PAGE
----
ETF.com Analysis

Beyond Special Dividends, Payout ETFs Loom

November 30, 2012
Share:

Special dividends are all the rage now, but what about yield in 2013?

Many investors are getting a special dividend treat in late 2012, and while that's exciting, it’s all about a changing tax picture.

And that means some investors are going to be faced with choices.

We generally hew to a buy, hold and rebalance sensibility here at IndexUniverse, so I’m not going to say that all these special dividends suggest the end is near or that dividend-focused ETFs ought to be avoided but, please, do be cautious and aware.

After all, tax issues are thorny, and should be taken seriously and thoughtfully—with professional advice.

As it stands, dividends are taxed at a rate of 15 percent, but if the U.S. were to lurch off the so-called "fiscal cliff" at the end of the year, the tax rate on those dividends could jump to as much as 40 percent.

One thing seems clear: Companies are looking to throw investors a bone by distributing many extra payouts either in the form of "special dividends" that were not previously scheduled or by shifting 2013 dividends into end-of-year 2012.

A total of 173 companies have announced special payouts this month—a 140 percent jump from November 2011—according to Howard Silverblatt, a senior index analyst at S&P Dow Jones Indices.

To take a step back, I think dividends are already unduly punished by the tax man, and it could get worse very soon.

As a shareholder in a company, you are a partial owner, and in turn you own a share of the earnings that the company produces. The company is taxed on those earnings, and if they choose to return your earnings to you—the owner of those earnings—they are taxed again. Good for Uncle Sam; bad for investors.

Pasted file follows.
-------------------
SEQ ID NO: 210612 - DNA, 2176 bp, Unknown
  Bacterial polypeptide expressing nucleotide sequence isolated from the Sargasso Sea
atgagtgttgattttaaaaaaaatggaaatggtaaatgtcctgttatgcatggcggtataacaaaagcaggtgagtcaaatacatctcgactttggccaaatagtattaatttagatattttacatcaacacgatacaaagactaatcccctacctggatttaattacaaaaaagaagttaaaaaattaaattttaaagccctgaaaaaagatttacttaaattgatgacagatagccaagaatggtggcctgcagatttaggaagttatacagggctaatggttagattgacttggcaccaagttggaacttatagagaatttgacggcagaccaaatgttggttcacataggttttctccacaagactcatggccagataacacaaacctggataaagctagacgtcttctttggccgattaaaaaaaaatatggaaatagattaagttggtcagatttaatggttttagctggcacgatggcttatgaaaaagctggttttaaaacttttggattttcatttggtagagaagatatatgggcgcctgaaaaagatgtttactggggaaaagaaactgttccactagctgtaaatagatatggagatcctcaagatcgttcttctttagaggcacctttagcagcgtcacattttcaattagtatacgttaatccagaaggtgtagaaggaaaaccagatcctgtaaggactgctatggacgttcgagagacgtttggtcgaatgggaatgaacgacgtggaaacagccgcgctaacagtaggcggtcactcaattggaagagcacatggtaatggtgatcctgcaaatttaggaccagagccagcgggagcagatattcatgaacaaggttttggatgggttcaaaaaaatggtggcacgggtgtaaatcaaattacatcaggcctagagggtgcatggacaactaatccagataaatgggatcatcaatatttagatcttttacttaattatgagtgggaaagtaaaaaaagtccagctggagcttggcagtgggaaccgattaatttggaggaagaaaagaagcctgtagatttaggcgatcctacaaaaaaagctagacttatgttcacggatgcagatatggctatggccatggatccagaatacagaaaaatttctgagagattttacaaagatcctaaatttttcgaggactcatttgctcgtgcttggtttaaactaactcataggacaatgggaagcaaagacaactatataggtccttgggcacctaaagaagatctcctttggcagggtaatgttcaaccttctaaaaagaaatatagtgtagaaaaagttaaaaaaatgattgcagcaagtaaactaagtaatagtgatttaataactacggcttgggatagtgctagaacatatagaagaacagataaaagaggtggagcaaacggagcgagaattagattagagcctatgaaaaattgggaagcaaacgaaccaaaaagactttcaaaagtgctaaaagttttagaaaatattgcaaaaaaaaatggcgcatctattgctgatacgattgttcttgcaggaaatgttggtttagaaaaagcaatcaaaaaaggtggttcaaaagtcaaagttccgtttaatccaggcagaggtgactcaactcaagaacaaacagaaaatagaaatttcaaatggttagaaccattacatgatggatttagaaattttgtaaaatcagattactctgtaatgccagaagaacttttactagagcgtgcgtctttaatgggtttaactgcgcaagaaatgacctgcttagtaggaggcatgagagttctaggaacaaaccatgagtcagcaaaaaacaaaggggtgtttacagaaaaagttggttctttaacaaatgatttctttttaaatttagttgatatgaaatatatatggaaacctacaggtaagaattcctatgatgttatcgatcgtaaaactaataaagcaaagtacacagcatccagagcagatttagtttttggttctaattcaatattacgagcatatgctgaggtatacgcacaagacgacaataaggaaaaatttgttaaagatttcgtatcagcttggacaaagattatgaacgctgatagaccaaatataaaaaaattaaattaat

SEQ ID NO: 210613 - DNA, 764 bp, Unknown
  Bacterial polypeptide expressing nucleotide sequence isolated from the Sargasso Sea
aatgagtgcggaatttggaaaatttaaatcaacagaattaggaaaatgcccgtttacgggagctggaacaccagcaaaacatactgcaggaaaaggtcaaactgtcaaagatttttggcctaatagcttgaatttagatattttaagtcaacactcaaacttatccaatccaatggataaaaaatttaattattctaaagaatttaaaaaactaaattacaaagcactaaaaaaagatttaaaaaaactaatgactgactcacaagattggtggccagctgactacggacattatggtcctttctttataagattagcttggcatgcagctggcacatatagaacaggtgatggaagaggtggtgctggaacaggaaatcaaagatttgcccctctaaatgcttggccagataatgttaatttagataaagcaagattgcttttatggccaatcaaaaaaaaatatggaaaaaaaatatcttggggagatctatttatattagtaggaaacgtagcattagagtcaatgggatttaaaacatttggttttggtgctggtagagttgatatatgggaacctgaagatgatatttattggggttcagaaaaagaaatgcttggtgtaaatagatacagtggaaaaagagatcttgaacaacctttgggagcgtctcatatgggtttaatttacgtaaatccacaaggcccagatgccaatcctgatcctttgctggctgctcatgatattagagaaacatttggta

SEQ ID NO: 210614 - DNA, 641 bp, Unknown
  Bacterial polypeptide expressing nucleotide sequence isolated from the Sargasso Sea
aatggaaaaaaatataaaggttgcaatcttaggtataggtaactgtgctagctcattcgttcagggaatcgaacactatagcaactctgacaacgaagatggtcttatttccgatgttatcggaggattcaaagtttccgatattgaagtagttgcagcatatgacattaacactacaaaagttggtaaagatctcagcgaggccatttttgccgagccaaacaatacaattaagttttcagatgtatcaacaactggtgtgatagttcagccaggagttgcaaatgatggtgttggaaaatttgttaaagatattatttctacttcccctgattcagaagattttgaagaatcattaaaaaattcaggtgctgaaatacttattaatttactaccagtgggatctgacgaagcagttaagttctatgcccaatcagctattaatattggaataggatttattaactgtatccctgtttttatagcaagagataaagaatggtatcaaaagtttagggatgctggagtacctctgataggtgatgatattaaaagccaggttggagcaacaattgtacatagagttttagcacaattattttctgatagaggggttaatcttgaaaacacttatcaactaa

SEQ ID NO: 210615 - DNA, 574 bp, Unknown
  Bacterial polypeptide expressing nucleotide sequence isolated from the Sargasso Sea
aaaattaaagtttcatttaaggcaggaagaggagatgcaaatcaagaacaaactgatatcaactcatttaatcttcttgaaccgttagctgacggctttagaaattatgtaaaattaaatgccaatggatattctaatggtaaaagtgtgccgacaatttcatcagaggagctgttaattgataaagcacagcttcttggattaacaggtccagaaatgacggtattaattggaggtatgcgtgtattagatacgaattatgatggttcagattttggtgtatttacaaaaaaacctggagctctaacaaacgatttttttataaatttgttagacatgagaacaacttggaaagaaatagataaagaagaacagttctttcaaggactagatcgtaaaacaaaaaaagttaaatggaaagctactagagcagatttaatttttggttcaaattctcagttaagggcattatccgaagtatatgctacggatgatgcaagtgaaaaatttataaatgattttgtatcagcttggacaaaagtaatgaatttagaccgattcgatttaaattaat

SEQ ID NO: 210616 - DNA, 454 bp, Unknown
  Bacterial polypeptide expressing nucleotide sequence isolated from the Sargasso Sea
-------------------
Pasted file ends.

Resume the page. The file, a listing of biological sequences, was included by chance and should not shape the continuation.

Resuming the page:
For investors who depend on dividends for cash flow, that tax risk is material and, as I was saying, they really ought to speak with a tax professional to formulate a new coping strategy.

The rest of us, I suppose, can enjoy the treat! The extra dividends or early payouts are an unexpected consequence of our dysfunctional Congress.

Don’t forget though, there’s no such thing as a free lunch: Unless the economic recovery gains some serious traction, dividend yields in general will almost certainly start shrinking in 2013. Just don’t be surprised when it happens.

There is, however, some hope for dividend yields in 2013.

 

ETF.COM CHANNELS

Interested in China? Use our China ETFs Channel, library, and ETF screener.

Interested in oil? Use our oil ETFs channel, library and ETF screener!

ETF DAILY DATA

The oil and gas ETF saw net inflows of $135 million on Wednesday, April 27.

The top five issuers all saw net inflows into their exchange-traded products on Wednesday, April 27.

ETF.COM ANALYST BLOGS

By Drew Voros

With the broad equity ideas all taken, issuers look for thinner slices of exposure.

By David Lichtblau

How funds wash away capital gains through create/redeem process.

By Dave Nadig

End investors are the big winners; brokers—not so much.

By Dave Nadig

ETF industry petitions the SEC for market microstructure changes.

ETF INDUSTRY PERSPECTIVE

By Adam Patti

After a record-setting year in 2015, investors wonder what 2016 will hold.

By Sprott Asset Management

New fund’s underlying index targets equities sentiment on social media.

By Kristi Kuechler

Avoid taking unrewarded—or unintended—risks.